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Richard RawlinsonRu CallenderJonathancharlesVale Recent comment authors

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Richard Rawlinson
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Richard Rawlinson

Ru, it’s great that a green ‘DIY’ funeral has deep social, aesthetic and indeed spiritual dimensions as well as environmental benefits. Given the choice, say, between a big, marble memorial and a tree, many would agree the latter is beautiful on many levels as well as benign. But others would feel a cultural affinity with the former. My only gripe with the green movement is when they focus more on small, individual energy savings, which don’t seem to make much difference, rather than let us consume in greener ways with the help of science and technology. I dislike people saying,… Read more »

Ru Callender
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For us, a green funeral has come to mean more about the social aspects than the environmental, which are just everyday modern commonsense actions; reducing chemical use, sourcing sustainable products etc. For us, it means a whole mindset, an involvement in the process that might best be summed up in the acronym DIY. I think Charles assertion that the green funeral movement is governed by aesthetic and pastoral ideals is partly true, if a little reductive. It is quite a sophisticated response to our shifting religious needs, a search for better meaning through practical doings. It is also possible to… Read more »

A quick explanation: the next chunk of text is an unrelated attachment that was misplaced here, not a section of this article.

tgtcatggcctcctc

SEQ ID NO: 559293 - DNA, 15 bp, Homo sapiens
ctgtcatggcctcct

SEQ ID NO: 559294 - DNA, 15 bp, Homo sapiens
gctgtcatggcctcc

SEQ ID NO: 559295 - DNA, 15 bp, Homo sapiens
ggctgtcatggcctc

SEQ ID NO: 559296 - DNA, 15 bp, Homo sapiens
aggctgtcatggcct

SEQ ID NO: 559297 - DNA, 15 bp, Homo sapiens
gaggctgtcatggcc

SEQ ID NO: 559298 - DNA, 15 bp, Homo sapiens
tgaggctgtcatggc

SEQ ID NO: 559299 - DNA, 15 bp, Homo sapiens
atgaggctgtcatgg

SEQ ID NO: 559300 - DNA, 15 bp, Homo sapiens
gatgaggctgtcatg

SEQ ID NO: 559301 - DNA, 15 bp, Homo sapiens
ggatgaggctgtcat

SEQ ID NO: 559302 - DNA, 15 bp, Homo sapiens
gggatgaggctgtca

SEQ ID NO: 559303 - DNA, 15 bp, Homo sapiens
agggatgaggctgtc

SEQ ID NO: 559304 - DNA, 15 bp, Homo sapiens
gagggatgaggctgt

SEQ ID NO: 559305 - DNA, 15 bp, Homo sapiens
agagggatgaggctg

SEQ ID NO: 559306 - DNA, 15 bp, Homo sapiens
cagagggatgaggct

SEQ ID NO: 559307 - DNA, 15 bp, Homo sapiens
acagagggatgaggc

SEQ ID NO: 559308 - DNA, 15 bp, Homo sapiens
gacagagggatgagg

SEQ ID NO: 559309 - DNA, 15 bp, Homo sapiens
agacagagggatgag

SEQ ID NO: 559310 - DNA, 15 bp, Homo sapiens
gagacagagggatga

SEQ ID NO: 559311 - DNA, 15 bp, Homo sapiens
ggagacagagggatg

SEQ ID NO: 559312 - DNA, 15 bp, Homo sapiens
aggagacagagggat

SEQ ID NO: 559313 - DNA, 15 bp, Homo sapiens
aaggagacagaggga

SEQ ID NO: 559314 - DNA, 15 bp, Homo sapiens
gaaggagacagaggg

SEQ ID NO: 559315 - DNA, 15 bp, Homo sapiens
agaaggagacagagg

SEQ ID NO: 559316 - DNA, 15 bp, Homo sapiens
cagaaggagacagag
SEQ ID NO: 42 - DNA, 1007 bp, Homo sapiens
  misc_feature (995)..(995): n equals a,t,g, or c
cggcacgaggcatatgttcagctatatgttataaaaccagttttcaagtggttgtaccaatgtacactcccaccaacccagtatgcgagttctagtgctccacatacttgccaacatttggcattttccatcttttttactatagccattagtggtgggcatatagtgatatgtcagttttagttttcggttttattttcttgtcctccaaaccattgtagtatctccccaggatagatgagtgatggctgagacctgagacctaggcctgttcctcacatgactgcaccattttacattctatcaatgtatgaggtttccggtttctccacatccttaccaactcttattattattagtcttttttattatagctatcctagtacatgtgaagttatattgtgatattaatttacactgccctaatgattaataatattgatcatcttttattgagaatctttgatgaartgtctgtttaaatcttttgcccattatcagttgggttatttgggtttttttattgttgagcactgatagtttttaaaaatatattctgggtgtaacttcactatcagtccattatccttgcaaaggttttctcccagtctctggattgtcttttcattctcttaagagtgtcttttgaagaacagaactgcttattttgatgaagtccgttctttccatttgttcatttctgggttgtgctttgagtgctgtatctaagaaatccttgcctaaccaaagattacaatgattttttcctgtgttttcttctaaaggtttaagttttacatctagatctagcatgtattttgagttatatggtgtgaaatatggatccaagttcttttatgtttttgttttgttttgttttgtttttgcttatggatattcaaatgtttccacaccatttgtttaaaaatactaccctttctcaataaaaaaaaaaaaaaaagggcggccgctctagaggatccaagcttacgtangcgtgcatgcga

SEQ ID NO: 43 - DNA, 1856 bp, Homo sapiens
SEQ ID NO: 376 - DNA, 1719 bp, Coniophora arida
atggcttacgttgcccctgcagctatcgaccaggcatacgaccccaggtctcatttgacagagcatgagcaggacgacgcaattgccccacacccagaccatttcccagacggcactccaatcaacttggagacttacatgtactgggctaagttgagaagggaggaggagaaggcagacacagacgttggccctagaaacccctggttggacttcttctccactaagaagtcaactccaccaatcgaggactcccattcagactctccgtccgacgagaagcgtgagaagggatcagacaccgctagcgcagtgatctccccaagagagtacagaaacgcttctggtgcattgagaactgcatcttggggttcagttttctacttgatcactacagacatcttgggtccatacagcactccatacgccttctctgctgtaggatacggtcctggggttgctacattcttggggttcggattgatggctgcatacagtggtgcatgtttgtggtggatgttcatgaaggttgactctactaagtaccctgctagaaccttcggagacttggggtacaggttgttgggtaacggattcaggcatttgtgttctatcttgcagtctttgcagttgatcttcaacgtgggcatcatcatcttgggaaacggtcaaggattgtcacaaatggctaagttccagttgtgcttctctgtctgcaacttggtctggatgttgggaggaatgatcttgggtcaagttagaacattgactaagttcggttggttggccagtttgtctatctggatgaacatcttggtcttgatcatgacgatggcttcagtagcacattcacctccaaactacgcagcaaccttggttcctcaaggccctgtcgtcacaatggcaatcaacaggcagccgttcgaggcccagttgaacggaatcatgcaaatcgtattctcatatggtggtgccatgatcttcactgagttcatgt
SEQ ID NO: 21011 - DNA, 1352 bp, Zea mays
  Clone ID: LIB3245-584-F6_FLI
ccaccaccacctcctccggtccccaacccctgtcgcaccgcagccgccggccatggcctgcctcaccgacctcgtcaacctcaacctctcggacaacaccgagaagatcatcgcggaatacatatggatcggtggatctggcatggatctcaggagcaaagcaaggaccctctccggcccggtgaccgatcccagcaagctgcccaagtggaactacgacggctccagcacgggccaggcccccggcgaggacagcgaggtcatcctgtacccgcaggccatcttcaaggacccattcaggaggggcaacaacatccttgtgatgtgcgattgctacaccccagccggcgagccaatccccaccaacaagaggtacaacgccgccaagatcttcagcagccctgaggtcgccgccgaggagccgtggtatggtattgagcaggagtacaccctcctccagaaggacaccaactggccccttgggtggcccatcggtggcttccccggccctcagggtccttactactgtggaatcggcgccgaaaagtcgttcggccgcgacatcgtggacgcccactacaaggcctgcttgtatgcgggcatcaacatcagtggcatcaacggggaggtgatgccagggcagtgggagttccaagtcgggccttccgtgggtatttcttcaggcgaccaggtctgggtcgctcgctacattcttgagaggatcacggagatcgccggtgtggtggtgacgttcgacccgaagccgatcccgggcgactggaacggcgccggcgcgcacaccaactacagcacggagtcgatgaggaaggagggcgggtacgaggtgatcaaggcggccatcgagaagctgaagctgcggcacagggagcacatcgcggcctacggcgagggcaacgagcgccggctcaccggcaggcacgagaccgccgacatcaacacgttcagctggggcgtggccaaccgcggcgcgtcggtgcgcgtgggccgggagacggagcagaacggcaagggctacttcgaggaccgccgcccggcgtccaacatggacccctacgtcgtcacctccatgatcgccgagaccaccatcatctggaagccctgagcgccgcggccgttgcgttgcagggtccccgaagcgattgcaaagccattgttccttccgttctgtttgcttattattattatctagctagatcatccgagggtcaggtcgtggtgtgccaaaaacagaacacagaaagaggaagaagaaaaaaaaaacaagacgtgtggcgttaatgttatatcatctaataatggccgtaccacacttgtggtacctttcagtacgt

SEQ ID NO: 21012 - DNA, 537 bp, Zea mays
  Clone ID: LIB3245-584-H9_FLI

Richard Rawlinson
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Richard Rawlinson

Vale, I of course agree the environment is an issue for scientists and indeed economists. This is why some people focus on proposing solutions such as nuclear fuel replacing fossil fuel rather than the Greenpeace crowd focussing on the forward-to-the-Middle-Ages alternative. Some greens seem misanthropic, making today’s humans the enemy of the planet and future generations and expecting them to stop consuming instead of finding scientific solutions where we can sustainably enjoy the benefits of modern living – and in so doing sustain the economy as well as the planet. Noone is saying don’t trust scientists. Some have clearly lied… Read more »

Jonathan